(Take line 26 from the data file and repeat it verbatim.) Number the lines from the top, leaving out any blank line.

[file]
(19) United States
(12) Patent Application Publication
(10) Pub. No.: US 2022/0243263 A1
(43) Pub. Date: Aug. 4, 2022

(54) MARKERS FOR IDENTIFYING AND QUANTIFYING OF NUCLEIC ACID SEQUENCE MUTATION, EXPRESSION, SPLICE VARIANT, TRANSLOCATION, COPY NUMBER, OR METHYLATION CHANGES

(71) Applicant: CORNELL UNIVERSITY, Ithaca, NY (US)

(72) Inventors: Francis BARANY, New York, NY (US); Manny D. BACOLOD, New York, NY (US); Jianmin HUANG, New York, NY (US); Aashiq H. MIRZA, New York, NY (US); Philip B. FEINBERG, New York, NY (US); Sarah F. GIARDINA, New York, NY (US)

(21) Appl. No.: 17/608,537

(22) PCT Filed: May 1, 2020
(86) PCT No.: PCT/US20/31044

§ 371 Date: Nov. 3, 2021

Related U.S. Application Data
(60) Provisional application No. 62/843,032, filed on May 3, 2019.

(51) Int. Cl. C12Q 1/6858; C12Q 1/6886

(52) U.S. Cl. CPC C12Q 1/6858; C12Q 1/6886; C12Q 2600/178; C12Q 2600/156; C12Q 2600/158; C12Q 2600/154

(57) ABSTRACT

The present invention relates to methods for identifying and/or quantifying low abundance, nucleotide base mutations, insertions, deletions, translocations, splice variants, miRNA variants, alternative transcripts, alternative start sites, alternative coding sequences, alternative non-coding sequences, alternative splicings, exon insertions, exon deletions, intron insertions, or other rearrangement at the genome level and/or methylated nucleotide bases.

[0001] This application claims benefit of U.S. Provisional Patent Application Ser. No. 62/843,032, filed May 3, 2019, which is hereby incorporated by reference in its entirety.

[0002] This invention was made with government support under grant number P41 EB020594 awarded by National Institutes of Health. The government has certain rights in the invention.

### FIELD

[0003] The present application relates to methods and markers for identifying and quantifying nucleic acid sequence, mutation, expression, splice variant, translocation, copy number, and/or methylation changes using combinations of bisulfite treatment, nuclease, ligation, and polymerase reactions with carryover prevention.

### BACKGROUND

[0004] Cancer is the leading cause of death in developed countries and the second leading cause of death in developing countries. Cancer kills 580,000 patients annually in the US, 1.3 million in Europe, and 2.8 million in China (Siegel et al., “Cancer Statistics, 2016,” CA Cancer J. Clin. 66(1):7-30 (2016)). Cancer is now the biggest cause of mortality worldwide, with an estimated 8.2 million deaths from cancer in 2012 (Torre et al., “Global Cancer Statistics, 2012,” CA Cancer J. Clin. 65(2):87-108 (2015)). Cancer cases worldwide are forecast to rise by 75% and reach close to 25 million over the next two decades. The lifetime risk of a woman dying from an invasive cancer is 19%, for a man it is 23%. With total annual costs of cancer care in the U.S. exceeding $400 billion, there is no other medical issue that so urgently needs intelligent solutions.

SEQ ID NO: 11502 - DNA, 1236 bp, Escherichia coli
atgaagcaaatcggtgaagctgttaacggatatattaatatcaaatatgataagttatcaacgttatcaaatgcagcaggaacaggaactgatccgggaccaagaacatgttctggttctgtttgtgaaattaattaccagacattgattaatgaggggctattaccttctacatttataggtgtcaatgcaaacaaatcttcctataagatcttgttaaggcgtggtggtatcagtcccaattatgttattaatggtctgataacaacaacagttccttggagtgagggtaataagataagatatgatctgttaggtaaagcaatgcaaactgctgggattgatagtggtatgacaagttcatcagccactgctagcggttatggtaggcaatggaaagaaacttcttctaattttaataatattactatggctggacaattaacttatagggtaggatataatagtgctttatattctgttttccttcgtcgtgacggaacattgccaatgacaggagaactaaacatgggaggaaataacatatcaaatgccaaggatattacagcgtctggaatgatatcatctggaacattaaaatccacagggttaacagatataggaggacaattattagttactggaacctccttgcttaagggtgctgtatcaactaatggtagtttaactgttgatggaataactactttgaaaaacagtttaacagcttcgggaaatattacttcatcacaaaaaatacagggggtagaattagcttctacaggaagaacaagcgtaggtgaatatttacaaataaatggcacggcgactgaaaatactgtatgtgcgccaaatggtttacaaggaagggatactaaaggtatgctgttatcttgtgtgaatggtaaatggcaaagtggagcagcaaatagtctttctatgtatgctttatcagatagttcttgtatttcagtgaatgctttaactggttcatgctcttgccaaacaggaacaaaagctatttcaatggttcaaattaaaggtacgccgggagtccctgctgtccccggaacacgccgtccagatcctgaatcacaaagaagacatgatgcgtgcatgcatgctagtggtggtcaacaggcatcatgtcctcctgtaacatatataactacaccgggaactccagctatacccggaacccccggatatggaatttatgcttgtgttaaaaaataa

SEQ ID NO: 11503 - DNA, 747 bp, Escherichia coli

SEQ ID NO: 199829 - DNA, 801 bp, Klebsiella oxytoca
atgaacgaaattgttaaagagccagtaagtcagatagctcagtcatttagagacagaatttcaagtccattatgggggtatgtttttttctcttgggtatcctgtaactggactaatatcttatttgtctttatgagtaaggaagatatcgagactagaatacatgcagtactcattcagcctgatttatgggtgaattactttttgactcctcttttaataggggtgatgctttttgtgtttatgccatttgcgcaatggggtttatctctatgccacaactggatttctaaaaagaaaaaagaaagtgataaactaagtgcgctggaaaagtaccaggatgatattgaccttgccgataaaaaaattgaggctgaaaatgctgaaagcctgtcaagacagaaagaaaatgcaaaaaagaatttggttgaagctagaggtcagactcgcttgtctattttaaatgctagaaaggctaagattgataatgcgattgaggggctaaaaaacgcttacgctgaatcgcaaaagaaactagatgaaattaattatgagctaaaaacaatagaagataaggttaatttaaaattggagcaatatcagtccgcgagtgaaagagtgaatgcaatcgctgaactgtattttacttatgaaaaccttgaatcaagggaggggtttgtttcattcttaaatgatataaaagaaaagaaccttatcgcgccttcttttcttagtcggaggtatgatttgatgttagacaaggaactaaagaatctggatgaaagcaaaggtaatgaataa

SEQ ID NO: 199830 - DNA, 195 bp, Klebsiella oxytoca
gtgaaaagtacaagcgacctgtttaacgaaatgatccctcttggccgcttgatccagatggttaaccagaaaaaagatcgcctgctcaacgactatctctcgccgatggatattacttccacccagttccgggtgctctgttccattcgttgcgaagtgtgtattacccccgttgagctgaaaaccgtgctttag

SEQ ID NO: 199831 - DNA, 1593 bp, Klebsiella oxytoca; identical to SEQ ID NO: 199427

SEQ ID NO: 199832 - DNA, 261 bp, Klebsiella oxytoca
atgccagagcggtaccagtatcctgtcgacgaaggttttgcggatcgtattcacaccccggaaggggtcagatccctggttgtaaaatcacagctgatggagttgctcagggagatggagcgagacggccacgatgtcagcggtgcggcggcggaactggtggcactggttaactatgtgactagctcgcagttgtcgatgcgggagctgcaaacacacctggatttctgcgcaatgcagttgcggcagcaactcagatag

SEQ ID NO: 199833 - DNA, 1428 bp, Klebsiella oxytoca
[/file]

SEQ ID NO: 11503 - DNA, 747 bp, Escherichia coli